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On Saturday, January 31, 1976, a provincial plaque was unveiled on this site to commemorate commemorating the Founding of London.

The plaque reads:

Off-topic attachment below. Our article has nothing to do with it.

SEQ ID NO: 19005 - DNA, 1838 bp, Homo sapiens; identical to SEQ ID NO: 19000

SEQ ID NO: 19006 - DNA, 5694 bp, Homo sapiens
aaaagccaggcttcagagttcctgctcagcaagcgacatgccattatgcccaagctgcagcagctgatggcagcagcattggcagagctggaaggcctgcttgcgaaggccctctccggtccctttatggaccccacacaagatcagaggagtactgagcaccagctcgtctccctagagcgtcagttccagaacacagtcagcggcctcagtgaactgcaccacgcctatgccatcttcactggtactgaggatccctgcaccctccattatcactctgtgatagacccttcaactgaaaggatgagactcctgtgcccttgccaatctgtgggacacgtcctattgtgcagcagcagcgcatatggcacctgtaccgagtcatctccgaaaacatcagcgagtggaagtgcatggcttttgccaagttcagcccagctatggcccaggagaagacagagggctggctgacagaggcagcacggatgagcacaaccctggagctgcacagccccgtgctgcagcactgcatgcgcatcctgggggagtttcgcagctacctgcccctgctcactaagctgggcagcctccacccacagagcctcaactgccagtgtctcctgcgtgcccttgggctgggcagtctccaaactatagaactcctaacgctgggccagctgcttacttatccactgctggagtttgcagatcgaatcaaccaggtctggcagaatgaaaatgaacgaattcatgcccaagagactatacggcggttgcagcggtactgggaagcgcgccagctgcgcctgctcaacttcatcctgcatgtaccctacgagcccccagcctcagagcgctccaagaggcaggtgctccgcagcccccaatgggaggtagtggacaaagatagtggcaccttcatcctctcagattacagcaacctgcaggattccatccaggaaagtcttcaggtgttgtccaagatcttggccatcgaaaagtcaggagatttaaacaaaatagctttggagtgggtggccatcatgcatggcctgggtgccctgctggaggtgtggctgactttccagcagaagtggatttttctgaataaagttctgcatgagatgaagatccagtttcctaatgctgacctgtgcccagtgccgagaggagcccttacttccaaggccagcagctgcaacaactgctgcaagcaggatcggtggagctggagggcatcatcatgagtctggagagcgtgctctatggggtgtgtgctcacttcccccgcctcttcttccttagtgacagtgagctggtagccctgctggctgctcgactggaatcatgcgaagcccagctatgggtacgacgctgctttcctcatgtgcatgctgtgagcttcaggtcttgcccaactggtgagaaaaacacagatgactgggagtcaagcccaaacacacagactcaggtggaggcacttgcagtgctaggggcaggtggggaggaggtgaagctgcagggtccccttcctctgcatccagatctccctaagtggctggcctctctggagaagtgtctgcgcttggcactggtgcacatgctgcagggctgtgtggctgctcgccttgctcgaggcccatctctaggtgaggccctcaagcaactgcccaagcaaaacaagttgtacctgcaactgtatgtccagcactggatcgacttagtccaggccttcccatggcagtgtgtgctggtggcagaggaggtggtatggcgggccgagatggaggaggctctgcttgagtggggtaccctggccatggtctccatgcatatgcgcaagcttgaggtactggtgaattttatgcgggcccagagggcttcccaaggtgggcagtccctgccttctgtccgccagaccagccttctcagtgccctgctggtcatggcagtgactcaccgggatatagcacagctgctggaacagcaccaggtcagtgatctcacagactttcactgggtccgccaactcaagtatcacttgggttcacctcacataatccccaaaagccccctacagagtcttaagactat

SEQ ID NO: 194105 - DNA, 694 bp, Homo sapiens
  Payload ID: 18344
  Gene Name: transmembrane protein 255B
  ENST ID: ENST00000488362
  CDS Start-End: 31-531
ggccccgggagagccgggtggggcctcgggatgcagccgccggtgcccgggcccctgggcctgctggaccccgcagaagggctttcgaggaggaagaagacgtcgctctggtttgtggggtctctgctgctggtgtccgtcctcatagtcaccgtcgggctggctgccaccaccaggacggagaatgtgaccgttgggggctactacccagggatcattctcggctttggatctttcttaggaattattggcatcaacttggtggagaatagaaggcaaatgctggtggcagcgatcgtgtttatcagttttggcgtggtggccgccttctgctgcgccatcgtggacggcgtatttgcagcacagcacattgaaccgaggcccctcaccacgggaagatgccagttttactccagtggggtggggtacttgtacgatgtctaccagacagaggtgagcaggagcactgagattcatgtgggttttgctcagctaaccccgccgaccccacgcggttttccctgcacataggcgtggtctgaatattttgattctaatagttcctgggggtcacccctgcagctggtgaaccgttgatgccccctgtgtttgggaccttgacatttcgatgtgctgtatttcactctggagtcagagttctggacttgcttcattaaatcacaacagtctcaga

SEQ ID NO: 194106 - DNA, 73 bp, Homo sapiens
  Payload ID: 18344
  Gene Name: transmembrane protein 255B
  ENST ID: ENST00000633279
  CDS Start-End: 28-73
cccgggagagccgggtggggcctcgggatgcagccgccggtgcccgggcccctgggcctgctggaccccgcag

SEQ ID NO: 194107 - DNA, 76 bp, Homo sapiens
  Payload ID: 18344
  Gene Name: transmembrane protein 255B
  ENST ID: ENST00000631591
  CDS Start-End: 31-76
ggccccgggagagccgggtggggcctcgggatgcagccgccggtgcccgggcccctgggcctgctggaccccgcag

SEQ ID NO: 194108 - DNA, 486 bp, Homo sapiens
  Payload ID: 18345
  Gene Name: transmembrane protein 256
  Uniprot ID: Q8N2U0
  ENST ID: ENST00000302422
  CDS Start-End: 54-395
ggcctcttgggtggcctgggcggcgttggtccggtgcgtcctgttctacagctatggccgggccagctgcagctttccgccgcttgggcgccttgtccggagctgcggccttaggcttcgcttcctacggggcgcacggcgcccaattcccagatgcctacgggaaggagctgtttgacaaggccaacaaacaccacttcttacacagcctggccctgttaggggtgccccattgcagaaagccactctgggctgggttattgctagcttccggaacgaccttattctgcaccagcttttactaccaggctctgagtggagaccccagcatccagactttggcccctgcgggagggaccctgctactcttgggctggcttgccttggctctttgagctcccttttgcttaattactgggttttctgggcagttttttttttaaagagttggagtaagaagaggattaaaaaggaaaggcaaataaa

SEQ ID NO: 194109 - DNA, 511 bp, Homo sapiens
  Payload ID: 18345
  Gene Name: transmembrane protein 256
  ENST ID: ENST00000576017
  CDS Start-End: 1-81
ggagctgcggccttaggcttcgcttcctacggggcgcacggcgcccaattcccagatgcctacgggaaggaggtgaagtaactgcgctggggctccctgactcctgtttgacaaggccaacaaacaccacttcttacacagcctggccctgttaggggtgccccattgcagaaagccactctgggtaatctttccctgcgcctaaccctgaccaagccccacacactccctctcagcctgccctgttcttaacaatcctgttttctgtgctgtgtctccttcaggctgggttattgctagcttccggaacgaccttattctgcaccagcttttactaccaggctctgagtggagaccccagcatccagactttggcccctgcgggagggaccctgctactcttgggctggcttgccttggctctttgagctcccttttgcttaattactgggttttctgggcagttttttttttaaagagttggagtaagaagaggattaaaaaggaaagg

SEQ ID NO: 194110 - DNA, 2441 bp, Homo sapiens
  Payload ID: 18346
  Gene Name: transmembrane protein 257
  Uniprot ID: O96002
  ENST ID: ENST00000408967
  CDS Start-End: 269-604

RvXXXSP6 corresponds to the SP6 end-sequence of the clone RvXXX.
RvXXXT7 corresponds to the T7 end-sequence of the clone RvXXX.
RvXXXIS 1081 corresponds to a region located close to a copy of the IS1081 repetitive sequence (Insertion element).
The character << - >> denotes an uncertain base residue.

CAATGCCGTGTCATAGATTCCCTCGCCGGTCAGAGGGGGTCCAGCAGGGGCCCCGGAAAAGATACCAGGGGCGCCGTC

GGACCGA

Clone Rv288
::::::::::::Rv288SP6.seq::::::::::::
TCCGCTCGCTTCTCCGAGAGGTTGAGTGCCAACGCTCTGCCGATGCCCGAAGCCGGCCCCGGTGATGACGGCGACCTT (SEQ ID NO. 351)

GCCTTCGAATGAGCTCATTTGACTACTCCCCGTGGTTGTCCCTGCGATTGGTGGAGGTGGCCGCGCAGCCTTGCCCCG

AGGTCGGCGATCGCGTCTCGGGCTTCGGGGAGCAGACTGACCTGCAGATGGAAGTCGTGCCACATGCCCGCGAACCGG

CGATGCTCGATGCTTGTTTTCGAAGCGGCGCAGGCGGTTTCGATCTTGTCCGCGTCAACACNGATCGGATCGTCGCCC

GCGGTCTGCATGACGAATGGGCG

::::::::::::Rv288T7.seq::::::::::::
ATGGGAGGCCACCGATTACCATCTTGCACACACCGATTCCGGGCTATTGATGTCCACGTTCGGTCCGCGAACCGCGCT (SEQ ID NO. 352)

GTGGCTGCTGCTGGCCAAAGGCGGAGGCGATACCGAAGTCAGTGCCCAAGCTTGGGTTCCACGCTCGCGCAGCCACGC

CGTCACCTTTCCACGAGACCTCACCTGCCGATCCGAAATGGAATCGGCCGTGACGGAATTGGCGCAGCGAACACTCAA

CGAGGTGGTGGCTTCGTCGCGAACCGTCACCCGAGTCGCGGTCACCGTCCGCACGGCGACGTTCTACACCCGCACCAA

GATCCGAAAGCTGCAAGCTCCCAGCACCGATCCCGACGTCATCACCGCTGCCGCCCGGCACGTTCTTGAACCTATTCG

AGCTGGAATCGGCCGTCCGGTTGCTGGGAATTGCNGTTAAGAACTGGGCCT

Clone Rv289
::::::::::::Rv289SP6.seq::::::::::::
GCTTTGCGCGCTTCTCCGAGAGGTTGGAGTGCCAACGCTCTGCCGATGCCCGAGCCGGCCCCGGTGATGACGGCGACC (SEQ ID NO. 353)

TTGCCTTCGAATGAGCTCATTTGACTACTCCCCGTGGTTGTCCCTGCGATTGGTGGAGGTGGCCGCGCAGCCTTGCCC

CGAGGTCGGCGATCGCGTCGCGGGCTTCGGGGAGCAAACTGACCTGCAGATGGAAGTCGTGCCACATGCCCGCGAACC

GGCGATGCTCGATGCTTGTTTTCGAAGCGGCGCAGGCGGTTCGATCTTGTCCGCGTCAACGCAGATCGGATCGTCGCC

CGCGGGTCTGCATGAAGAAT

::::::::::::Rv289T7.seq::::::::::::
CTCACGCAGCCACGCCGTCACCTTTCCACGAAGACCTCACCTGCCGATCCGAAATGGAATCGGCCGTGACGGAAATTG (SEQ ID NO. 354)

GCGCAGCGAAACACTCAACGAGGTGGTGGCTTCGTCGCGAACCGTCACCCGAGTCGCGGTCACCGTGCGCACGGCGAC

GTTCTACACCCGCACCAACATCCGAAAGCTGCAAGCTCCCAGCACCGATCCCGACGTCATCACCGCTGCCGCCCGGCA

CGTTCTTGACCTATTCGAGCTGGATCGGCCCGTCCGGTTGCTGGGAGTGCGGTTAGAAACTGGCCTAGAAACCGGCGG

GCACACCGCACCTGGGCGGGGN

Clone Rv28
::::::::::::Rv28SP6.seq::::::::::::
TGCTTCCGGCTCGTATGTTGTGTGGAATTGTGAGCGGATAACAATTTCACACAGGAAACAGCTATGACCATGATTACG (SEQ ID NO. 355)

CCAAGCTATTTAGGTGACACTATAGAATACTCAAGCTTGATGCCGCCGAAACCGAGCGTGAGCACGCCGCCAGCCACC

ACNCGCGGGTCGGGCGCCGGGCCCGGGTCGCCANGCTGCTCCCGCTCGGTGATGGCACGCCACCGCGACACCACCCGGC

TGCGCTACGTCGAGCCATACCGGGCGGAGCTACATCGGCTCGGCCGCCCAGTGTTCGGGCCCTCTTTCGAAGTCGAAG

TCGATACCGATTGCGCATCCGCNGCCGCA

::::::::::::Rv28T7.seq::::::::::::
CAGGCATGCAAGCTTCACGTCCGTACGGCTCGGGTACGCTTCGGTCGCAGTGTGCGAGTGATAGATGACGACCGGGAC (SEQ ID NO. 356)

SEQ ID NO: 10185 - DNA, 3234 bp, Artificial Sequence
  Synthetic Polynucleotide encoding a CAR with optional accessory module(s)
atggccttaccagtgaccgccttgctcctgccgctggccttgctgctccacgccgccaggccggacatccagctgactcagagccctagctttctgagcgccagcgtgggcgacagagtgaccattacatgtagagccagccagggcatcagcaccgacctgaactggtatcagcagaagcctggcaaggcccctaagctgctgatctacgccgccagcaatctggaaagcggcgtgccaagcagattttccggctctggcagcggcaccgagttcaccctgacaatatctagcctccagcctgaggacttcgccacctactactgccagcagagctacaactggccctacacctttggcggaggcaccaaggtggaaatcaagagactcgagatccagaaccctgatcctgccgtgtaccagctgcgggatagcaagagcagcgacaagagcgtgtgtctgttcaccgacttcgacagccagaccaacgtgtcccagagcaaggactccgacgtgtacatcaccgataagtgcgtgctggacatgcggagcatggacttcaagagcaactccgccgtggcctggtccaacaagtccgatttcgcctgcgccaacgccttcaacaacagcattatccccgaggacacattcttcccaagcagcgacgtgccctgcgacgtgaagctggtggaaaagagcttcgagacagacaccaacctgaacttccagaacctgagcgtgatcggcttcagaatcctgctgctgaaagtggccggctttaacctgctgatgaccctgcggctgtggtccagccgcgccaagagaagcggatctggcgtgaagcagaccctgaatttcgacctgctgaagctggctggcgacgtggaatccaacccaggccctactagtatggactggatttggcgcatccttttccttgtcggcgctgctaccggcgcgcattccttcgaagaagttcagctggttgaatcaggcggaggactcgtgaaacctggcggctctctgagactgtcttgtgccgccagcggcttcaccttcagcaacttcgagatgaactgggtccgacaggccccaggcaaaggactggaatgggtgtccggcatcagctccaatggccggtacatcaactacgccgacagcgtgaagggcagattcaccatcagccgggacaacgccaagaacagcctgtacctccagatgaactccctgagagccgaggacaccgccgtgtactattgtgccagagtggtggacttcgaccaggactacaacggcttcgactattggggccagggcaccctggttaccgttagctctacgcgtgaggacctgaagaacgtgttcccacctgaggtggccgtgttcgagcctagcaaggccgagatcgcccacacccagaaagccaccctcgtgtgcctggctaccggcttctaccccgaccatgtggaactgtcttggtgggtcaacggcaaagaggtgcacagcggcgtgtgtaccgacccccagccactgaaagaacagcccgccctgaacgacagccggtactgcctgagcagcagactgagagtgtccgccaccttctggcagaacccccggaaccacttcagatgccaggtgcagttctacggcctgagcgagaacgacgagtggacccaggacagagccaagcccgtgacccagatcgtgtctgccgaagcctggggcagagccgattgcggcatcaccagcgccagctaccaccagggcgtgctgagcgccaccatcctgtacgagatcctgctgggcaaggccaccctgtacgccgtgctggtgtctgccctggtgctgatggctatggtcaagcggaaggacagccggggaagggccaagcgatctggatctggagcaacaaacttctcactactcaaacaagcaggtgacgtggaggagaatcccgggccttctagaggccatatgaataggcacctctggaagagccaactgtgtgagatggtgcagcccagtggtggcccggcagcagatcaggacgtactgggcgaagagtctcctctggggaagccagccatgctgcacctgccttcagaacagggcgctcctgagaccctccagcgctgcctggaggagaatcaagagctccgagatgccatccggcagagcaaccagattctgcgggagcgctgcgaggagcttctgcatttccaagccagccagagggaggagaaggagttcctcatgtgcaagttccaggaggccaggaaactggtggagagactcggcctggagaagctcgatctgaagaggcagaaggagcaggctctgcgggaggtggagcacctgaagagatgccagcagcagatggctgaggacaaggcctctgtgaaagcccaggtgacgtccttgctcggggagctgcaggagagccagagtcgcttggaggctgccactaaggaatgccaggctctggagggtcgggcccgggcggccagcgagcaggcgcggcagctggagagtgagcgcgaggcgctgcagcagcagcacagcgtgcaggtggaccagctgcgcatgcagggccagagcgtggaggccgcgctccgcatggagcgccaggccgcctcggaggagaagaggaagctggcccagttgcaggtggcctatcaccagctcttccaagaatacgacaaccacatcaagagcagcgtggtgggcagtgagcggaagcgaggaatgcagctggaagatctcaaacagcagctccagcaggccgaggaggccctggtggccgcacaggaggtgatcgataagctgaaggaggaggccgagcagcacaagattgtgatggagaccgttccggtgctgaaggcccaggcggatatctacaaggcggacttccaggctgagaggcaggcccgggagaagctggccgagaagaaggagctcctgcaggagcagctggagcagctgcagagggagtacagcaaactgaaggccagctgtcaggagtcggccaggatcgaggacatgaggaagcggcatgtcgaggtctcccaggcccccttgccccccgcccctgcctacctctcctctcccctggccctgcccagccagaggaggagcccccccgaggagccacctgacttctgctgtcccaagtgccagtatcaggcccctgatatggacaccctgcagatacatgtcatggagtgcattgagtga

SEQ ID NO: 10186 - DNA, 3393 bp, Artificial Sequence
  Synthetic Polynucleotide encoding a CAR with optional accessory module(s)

In 1793, here on the River Thames, Lieutenant-Governor John Graves Simcoe reserved a site for the capital of Upper Canada. York, however, became the seat of government and the townsite of London lay undeveloped until its selection in 1826 as the judicial and administrative centre of the London District. A court-house and gaol (1829) and homes for the government officials were built, stores and hotels were opened and by 1834, the community contained over 1,100 inhabitants. A British garrison stationed at London in 1838 stimulated its growth. Two years later, it was incorporated as a Town. With the development of a prosperous agricultural hinterland and the completion of the Great Western Railway, London became a City in 1855.
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